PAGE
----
Ameya DalviAug 29, 2022 18:49:45 IST
– Good picture quality in 4K content
– HDMI 2.1 ports with support for eARC
– Dual-band WiFi
– Access to picture and sound settings on the fly
– Android TV 10 with clean UI
– No Dolby Vision support
– No analogue audio output
– No dedicated power button yet
– Erratic contrast at times
Overall Rating: 3.7/5
Price: Rs 32,999
The Y series TVs from OnePlus have been their most affordable, as they pack just the minimum necessary features and nothing fancy, which is pretty much what the potential buyers in the segment look for. When you add the Pro suffix, you do get a few extras, and in fact, the latest Y1S Pro series TVs find themselves a lot closer to the relatively more premium U series.
Going by the spec-sheet, the OnePlus TV 50 Y1S Pro that we have for review today feels a lot like the 50 U1S that we reviewed a few months ago, sans the far-field mics and Dynaudio sound for a significantly lower launch price. If that’s the case, it may translate into great value for money. Let’s find out how good this Y1S Pro TV truly is.
OnePlus TV 50 Y1S Pro – Design and connectivity: 8/10
Just like the U1S, this TV sports a near bezel-less design on three sides. The bottom bezel isn’t too thick either, and it’s all black here, unlike the grey outline in the U1S. The long trapezoid chin that hosted a bunch of LEDs and receivers for far-field mics has been replaced with a standard tiny one that holds the power LED and IR receiver. Though there is nothing wrong with Y1S Pro’s design, it feels like any other bezel-less TV and not as stylish as the U1S.
The TV can be wall-mounted or placed on a desk using the bundled plastic stands that don’t feel as sturdy as the metal ones, but hold the TV firmly in place. The necessary screws are present in the package. You get the usual OnePlus voice enabled remote along with a pair of AAA batteries to power it. The remote is compact but still doesn’t have a dedicated power button; more on that in a bit.
In the connectivity department, you have the key bases covered, barring one. You get three HDMI 2.1 ports, one of which supports eARC – something I am quite pleased to see in a budget TV. In addition to that, you have two USB 2.0 ports, Optical audio out, A/V input and a LAN port. An analogue audio output like a 3.5 mm headphone jack or a coaxial A/V out continues to be absent. Wireless connectivity options include Bluetooth 5.0 and dual band WiFi with support for 2.4 GHz and 5 GHz networks.
All ports are placed along the left edge of the rear module. And just like in case of the U1S, the ports are located closer to the centre of the TV rather than near the edge, making them hard to access, especially if you wall mount the TV. This is a common design flaw in most budget TVs.
OnePlus TV 50 Y1S Pro – Features and specifications: 8/10
As the model number suggests, the OnePlus TV 50 Y1S Pro has a 50-inch panel, and it flaunts an Ultra HD resolution of 3840 x 2160 pixels and a 60 Hz refresh rate. Information about the panel type and its peak brightness hasn’t been provided by OnePlus, but it looks like a VA panel. It supports HDR10/10+ and HLG formats for HDR content. It doesn’t support Dolby Vision, which I wasn’t expecting either, given that the more expensive U1S also isn’t compliant with it. It does offer 10-bit colour depth and can display over a billion shades.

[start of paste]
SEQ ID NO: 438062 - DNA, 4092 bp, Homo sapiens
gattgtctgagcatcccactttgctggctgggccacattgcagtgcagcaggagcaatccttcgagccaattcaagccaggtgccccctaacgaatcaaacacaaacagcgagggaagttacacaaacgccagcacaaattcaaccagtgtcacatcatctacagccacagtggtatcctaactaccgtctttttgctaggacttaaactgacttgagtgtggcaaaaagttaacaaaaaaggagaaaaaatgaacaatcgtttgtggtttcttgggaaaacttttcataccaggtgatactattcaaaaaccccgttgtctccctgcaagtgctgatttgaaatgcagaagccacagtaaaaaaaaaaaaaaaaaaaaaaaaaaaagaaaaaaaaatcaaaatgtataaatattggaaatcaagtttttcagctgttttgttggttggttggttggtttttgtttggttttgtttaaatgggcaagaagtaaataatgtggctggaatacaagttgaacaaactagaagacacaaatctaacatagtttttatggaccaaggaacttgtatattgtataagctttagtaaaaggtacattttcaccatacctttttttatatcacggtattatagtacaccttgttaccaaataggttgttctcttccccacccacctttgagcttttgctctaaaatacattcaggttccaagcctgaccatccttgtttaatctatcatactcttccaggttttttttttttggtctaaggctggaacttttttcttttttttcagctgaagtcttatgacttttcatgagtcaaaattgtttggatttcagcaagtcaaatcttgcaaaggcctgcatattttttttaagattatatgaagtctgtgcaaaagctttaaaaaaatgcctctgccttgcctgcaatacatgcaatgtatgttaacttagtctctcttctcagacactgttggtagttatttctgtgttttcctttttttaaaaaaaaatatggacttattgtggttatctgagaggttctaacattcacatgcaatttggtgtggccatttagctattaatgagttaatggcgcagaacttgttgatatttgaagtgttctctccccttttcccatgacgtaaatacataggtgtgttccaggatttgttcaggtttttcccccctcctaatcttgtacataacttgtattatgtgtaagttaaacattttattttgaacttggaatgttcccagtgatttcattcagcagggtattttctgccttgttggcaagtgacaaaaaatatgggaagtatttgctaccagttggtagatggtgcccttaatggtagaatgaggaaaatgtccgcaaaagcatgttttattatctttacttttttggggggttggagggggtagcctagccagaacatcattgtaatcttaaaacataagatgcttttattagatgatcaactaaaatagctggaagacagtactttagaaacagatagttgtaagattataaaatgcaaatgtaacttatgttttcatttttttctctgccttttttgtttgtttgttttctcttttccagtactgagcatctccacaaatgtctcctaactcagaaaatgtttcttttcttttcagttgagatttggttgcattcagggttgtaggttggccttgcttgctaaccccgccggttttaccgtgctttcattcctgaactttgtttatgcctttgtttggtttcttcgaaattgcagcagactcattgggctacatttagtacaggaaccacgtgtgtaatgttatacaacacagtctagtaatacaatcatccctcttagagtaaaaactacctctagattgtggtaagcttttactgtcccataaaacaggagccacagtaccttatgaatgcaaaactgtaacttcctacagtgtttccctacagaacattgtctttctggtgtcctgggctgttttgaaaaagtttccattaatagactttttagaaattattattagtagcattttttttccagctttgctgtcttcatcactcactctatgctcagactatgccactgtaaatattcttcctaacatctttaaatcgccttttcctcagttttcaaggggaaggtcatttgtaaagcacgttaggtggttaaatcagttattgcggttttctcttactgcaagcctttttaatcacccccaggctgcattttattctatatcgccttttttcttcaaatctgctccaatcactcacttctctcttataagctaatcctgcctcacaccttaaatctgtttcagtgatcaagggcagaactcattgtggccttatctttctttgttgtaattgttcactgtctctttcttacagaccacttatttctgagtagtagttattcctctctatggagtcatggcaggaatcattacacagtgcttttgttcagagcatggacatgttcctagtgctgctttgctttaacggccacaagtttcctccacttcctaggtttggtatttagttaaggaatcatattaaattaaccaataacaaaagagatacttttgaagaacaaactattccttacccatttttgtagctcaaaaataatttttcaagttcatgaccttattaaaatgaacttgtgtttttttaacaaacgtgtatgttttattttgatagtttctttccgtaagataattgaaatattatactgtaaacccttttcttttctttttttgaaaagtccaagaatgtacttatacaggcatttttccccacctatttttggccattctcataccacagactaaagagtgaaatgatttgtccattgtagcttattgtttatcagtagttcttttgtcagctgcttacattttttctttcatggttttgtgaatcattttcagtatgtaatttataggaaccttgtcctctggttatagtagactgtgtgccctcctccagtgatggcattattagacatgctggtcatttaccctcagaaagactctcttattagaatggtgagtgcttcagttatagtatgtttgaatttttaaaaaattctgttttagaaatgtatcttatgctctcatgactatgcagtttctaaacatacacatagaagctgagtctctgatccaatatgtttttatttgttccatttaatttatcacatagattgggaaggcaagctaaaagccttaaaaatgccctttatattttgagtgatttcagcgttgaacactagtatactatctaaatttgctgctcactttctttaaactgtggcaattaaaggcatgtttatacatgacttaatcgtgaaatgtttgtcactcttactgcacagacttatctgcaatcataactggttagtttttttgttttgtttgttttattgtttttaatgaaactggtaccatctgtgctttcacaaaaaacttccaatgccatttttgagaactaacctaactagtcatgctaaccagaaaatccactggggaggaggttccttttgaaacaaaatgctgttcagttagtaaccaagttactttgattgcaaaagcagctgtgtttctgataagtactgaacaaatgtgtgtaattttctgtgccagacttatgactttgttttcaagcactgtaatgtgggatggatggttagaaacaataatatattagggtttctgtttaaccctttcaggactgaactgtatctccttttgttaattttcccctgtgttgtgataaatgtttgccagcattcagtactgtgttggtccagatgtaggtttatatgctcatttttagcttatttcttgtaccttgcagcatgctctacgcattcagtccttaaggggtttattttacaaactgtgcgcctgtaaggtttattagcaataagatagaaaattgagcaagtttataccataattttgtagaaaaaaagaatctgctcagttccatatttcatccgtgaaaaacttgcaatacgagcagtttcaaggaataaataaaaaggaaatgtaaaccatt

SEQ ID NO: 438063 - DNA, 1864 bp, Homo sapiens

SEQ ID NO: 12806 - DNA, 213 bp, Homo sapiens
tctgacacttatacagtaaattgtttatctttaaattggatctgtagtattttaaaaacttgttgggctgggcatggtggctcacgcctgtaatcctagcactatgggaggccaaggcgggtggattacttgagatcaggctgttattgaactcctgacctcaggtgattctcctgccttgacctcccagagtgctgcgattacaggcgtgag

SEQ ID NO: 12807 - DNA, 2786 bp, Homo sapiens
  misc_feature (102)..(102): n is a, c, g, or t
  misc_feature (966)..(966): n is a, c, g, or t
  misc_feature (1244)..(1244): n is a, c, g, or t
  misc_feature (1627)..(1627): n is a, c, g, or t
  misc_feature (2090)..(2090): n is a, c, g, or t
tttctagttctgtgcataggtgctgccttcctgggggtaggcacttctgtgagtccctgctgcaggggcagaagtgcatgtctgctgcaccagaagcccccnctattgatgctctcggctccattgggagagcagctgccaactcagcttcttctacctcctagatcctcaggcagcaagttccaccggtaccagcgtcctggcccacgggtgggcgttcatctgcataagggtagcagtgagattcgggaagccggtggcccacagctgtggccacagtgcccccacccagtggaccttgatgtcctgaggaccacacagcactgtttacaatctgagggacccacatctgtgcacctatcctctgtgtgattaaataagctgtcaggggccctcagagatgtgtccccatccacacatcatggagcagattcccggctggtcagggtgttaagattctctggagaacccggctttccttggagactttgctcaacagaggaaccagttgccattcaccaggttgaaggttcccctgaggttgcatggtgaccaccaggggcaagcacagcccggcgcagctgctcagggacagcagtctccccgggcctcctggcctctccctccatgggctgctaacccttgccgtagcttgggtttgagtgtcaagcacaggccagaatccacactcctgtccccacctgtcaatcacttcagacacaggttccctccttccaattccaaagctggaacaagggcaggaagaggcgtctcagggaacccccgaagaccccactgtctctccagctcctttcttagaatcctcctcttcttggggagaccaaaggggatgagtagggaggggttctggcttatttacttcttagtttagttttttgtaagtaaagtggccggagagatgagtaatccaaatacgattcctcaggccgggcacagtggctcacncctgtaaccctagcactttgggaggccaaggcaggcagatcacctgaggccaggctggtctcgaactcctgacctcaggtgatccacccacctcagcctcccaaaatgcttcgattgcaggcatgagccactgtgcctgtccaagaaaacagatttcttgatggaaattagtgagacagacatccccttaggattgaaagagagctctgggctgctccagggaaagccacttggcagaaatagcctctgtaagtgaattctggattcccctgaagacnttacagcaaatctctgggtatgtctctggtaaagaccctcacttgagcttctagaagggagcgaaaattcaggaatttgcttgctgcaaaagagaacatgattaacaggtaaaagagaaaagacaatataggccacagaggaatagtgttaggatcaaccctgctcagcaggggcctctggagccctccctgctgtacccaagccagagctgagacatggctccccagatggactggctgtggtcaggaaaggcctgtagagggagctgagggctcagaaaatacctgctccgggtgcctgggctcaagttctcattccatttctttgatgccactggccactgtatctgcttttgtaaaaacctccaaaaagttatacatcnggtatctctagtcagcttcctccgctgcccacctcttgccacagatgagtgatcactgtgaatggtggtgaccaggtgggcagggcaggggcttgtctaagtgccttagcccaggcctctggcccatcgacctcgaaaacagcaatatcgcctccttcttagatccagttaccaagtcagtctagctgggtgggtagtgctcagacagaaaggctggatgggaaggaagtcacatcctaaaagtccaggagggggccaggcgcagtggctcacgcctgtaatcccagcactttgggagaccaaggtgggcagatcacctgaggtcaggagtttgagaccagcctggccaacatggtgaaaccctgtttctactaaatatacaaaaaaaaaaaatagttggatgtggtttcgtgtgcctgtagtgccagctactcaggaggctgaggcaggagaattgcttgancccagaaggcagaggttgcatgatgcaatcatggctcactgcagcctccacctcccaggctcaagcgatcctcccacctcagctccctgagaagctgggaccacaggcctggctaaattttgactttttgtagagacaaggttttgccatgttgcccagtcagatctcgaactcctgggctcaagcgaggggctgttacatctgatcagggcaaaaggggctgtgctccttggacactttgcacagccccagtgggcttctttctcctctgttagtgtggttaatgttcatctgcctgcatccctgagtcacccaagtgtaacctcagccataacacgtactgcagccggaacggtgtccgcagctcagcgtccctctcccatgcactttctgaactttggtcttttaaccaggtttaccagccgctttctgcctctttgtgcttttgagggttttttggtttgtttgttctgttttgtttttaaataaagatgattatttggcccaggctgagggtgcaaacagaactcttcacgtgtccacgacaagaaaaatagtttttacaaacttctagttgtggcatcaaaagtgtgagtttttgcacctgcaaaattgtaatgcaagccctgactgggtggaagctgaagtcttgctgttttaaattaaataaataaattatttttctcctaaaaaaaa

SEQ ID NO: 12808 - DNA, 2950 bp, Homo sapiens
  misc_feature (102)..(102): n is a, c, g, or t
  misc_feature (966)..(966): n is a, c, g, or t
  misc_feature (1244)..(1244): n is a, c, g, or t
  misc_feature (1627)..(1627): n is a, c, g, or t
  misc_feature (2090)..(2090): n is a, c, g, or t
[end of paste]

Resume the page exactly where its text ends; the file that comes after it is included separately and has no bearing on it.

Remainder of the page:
This TV is powered by a 64-bit quad core processor with Cortex A55 cores and Mali G52 GPU. You get 2 GB RAM and 8 GB of internal storage (half of U1S), a sizable chunk of which is taken up by the Android TV 10 OS and the preinstalled apps. You are left with just half the space for installing more apps. Sound output is rated at 24 Watts RMS with support for Dolby Audio. Unfortunately, there is no involvement of Dynaudio here, who had done a pretty neat job with the audio tuning in some of OnePlus’ more premium models.
As with all Android TVs, it has Chromecast built-in and lets you cast content to the TV from compatible apps on your phone or tablet. The wireless remote control bundled with this TV operates over IR and Bluetooth both. After pairing it with the TV, you can bring up the Google Assistant by pressing the corresponding button and issue voice commands. You cannot go completely hands free here, as this TV excludes far-field mics to keep the cost down; a fair tradeoff.
As for the remote, the key layout is fine and most of the necessary buttons are present, barring one. The concave shape for the Back button is a nice touch so that one can use it without looking at the remote. Certain buttons are assigned multiple tasks again, and while that reduces the clutter, it also causes undesired actions at times. Case in point, the missing dedicated power button. You need to keep the key with the OnePlus logo pressed to restart or shut down the TV or put it to sleep. If you press it quickly out of habit or release it too soon, it launches OxygenPlay, leading to irritation.
OnePlus TV 50 Y1S Pro – User interface: 8/10
The OnePlus TV 50 Y1S Pro runs Android TV 10 OS with a stock user interface. Not much has changed here since the U1S. It is easy to get a hang of despite the newer Google TV-like UI. You have a row of installed apps, the shortcuts for which can be added, removed or shuffled around. Other rows display last played or suggested content from various OTT services. The UI is pretty much lag-free.
Once again, OnePlus has included apps for a bunch of streaming platforms on this TV. One can understand bundling apps for Prime Video, Netflix and Disney+ Hotstar given their hotkeys on the remote. But on top of that, you have apps for Zee5, Voot, Lionsgate Play, Sony LIV, Spotify and many more that take up a chunk of the internal storage. The good part being you can uninstall most of them to free up space.